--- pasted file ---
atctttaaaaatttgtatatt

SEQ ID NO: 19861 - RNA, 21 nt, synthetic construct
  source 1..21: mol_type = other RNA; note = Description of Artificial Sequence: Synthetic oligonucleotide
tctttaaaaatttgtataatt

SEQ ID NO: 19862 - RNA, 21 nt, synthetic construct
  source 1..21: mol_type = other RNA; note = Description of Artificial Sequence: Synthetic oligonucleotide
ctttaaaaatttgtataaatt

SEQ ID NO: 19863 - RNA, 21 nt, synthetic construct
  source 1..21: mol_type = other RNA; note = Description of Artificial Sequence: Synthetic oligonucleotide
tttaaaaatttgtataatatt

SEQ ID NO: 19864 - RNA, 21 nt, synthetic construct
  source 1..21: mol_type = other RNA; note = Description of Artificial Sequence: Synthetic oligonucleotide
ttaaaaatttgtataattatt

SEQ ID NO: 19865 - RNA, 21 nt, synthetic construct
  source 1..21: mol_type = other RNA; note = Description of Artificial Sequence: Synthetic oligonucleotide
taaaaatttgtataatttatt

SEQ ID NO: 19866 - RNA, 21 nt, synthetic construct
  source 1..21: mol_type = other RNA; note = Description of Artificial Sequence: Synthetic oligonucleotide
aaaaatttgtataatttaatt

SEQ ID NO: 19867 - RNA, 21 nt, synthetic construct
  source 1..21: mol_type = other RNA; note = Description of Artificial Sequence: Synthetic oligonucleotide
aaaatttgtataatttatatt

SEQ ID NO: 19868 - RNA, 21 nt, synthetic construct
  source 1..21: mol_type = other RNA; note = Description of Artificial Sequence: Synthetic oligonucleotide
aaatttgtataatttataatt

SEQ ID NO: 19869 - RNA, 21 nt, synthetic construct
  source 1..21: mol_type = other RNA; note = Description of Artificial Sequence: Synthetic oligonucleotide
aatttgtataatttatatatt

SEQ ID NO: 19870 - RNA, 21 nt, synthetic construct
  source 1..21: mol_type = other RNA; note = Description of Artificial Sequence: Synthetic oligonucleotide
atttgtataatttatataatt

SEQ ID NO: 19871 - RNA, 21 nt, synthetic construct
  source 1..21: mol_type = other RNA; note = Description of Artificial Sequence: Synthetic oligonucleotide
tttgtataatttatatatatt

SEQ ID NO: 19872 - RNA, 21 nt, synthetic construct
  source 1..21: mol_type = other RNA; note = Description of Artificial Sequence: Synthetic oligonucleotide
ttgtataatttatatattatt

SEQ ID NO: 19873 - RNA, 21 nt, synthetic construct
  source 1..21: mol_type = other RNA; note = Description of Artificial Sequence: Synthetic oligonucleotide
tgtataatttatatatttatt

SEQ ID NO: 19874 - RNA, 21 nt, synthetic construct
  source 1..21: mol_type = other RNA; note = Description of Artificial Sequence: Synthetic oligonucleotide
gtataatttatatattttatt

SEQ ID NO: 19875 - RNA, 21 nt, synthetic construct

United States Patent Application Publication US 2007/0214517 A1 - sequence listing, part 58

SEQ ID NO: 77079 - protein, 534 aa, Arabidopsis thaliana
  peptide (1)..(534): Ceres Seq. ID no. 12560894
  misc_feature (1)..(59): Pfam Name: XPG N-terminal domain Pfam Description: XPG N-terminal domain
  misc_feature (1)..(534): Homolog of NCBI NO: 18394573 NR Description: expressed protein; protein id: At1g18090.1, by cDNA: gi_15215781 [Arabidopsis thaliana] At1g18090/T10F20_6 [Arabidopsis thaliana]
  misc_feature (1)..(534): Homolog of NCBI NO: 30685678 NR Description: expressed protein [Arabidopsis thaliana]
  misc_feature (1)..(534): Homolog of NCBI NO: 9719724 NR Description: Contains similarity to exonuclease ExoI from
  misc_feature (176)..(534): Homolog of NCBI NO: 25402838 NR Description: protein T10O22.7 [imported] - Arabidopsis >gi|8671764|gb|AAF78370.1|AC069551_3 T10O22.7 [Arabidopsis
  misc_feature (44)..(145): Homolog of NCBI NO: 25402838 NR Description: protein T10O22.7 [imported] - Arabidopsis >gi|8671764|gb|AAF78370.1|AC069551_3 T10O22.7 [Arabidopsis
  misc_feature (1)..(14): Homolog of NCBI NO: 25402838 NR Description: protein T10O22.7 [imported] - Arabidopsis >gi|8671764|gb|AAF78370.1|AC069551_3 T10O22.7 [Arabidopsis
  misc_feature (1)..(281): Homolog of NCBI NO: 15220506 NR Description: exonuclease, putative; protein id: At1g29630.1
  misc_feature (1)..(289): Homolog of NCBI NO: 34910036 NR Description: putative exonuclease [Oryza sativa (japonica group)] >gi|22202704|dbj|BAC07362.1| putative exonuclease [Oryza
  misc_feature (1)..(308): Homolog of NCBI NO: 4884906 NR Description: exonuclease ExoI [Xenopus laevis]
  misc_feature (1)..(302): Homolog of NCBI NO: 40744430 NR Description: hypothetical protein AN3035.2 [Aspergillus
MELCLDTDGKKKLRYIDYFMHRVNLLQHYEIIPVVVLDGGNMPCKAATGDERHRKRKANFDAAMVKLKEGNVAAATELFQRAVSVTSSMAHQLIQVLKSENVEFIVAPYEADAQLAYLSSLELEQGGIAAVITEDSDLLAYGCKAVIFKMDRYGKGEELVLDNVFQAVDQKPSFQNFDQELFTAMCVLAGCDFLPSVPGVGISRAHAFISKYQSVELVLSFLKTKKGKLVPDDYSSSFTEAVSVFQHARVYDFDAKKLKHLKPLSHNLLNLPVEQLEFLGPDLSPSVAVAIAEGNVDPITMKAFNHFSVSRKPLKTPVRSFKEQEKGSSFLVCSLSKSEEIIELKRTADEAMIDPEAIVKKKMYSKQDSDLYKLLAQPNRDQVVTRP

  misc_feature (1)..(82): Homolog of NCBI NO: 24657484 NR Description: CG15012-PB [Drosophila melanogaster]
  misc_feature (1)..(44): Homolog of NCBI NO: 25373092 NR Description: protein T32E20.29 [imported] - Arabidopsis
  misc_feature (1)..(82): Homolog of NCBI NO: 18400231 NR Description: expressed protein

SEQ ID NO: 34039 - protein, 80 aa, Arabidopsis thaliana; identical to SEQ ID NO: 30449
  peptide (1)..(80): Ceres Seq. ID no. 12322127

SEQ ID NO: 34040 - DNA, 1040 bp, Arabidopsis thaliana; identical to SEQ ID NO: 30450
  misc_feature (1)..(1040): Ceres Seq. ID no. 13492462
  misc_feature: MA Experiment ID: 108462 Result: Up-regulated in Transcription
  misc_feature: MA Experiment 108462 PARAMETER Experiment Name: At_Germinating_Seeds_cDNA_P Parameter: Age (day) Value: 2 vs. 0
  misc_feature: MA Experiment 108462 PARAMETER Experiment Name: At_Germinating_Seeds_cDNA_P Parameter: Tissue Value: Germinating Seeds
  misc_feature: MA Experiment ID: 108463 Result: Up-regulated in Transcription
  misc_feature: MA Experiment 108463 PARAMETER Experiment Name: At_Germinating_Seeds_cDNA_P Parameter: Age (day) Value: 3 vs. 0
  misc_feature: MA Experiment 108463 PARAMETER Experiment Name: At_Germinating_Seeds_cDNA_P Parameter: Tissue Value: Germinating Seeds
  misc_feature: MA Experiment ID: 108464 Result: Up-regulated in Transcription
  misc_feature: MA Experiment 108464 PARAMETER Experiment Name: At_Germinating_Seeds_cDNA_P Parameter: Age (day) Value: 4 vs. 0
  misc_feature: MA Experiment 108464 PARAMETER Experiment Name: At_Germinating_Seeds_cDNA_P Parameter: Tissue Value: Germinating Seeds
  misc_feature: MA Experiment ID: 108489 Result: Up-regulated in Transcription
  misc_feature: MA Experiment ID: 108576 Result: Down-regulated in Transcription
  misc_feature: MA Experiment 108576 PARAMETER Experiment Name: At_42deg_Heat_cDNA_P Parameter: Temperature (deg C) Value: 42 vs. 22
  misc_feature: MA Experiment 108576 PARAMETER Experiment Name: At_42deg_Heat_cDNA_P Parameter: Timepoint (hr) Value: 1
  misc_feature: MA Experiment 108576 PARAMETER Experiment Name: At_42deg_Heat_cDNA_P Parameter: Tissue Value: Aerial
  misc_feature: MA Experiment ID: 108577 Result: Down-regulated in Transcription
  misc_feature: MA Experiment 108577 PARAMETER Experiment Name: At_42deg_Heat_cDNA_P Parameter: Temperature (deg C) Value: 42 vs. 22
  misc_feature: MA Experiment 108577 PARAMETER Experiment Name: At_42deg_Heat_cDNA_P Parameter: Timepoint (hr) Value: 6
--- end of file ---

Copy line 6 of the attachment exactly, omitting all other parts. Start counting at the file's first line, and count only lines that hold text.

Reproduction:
  source 1..21: mol_type = other RNA; note = Description of Artificial Sequence: Synthetic oligonucleotide